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Re^4: Parrot, threads & fears for the future.

by AK108 (Friar)
on Oct 25, 2006 at 23:43 UTC ( #580674=note: print w/replies, xml ) Need Help??


in reply to Re^3: Parrot, threads & fears for the future.
in thread Parrot, threads & fears for the future.

What if there was a pragma for enabling parallelization? It could be use parallel, in the spirit of integer.
my @list = ('aaaa' .. 'zzzz'); use parallel 'map'; # Just for maps my @ordlist = map ord, @list; # Defaults only # Probably something like any, all, map, grep, and maybe even sort use parallel; # Sort by last letter in parallel @list = sort {($a =~ /\w+(\w)/) <=> ($b =~ /\w+(\w)/)} @list; # This subroutine can operate in parallel use parallel 'foreach'; foo($_) foreach @list; no parallel; # disable everywhere else

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Re^5: Parrot, threads & fears for the future.
by Jenda (Abbot) on Oct 26, 2006 at 10:34 UTC

    I think it would be safer to have a "parallel map" function instead. In either way the problem is that people would not normaly think neither about adding the pragma nor using the parallel map. Plus there is another problem. The question is not just whether perl may execute the map in parallel, but also in how many chunks. You would of course not want to create a thread for each and every element of the array/list especially if it's huge and the operation is simple. The number of threads you will want to use depends on the complexity and nature of the action you want to do with the elements - you will want more threads if you will spend most time waiting for a network response, you will want less if it's just computation ... So without knowing what's the operation, the implementation of the mapp will not know how to parallelize the operation to achieve good performance. So even though mapp is a nice interface to parallelization, you will want to be able to give it a few more hints to ensure it works well.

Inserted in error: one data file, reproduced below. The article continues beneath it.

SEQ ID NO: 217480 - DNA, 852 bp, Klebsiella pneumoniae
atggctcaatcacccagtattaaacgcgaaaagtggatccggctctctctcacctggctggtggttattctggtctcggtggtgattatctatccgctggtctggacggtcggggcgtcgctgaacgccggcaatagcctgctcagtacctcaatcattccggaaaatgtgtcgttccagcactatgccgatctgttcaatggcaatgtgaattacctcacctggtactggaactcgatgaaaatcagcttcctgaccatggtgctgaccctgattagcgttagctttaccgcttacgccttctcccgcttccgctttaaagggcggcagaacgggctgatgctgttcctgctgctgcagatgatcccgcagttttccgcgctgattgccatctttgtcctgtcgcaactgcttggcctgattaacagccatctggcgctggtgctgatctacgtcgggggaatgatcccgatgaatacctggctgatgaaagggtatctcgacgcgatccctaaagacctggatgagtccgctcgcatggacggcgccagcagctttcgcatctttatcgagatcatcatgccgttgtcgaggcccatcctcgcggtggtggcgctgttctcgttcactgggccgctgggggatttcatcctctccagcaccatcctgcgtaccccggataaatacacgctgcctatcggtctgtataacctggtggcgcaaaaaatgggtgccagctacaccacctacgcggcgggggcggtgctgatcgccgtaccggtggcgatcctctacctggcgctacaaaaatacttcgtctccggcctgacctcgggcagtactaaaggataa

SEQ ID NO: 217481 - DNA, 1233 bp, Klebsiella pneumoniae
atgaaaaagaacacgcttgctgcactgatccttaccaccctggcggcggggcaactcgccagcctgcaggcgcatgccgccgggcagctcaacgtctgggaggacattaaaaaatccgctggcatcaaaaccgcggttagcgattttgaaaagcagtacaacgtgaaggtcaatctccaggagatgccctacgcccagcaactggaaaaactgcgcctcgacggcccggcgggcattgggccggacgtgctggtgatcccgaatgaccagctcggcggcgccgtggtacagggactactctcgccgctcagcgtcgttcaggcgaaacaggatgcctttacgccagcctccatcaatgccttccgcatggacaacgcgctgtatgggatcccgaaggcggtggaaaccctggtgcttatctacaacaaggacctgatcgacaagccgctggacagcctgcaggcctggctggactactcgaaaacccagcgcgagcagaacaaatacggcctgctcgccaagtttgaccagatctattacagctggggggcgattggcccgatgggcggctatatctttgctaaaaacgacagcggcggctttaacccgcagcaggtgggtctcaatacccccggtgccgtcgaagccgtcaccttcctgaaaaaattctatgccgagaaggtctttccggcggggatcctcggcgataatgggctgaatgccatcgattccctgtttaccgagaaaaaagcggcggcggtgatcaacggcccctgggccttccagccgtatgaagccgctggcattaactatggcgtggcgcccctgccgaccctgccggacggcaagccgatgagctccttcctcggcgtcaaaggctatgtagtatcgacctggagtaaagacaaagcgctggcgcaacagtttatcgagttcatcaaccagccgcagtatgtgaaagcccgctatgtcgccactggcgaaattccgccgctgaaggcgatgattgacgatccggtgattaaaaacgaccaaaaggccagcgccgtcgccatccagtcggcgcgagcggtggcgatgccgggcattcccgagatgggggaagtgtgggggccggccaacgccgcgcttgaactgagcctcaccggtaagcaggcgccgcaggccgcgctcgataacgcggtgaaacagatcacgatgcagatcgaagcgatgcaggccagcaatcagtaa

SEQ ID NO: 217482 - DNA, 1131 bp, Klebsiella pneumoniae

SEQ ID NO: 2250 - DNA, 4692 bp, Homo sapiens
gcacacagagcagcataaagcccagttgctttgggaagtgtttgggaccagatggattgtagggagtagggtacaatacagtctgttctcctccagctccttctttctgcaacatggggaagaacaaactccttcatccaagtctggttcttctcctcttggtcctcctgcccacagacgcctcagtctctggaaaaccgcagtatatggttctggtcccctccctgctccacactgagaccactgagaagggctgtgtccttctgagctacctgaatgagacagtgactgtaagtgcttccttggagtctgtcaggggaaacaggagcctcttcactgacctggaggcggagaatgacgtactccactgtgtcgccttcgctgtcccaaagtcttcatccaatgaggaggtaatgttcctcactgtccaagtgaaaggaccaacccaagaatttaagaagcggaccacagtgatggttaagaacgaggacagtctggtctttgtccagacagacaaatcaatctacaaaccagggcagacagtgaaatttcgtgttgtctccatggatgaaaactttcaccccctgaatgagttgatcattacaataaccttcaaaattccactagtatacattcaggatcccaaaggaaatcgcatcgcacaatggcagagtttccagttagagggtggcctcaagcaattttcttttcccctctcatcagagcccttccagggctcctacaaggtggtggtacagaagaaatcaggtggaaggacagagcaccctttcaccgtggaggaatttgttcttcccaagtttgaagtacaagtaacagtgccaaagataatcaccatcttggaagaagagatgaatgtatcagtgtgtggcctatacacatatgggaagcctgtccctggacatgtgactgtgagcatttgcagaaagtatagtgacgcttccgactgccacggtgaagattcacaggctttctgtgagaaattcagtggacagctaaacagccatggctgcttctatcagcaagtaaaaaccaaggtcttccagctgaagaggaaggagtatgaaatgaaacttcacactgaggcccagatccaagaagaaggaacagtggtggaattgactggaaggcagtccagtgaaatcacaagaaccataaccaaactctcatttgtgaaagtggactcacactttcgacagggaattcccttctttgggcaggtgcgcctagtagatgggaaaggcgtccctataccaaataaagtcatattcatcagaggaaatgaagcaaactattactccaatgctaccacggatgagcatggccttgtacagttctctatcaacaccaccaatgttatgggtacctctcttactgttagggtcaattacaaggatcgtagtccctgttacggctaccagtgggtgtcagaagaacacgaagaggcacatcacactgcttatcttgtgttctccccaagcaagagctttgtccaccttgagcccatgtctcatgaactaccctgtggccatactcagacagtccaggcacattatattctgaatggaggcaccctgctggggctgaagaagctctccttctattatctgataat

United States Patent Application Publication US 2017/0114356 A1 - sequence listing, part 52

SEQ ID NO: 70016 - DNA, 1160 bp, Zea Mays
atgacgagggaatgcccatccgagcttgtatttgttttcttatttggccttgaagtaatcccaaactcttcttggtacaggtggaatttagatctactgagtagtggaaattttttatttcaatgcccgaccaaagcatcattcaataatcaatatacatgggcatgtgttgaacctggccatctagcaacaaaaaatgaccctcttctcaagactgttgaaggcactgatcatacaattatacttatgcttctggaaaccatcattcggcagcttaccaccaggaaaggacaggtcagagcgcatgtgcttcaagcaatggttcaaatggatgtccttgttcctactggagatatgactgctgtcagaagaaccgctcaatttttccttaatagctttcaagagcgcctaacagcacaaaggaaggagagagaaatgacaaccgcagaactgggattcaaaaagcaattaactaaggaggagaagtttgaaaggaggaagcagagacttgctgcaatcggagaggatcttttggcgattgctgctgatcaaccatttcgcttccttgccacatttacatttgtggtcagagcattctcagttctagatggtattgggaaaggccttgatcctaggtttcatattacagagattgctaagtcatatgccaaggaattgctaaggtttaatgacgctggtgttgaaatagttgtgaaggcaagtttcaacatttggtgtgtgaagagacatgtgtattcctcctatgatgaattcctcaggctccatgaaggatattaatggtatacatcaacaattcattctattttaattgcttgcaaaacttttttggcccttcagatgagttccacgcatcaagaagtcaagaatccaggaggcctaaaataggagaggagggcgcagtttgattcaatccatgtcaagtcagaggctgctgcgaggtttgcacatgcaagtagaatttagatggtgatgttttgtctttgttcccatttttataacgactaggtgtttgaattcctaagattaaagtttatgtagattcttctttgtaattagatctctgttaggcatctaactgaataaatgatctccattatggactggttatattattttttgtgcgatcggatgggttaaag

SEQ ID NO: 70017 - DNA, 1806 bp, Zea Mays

I think that a compile-time switch that sets the maximum number of threads would be a good solution. This way, you could compile Perl with support for 8 threads on an 8 core processor, and have it be used completely.

      Each thread could get one item to start with, and as it finishes, it could get an additional item. If it's just running a built-in function on the list, then each thread could be given 1/n of the list (where n is the number of threads). Otherwise, Perl could time the items and detect about how many would be good to send based on the time.

      Perl would still need to get data back from the threads to give back to the core, so sending data shouldn't be a problem either. But I've never used threads, so I may be off.

        I don't think a compile time switch is a good solution, that's far too restricitve. Especially since quite a few people do not compile their perl!

        Besides what you say assumes that it's always OK to use up all the power of the machine and also it's the way you would want to use the paralelization for the computationaly expensive tasks. In case the operation you want to do with the element of the list spends more time waiting for some data then you will want to use more threads. Eg. if you wanted to test the conectivity to the computers specified in the list you will spend most time waiting for the pings to return or time out, not computing anything. So you would want to create quite a few more threads than if you just need to use all the CPUs your box has.

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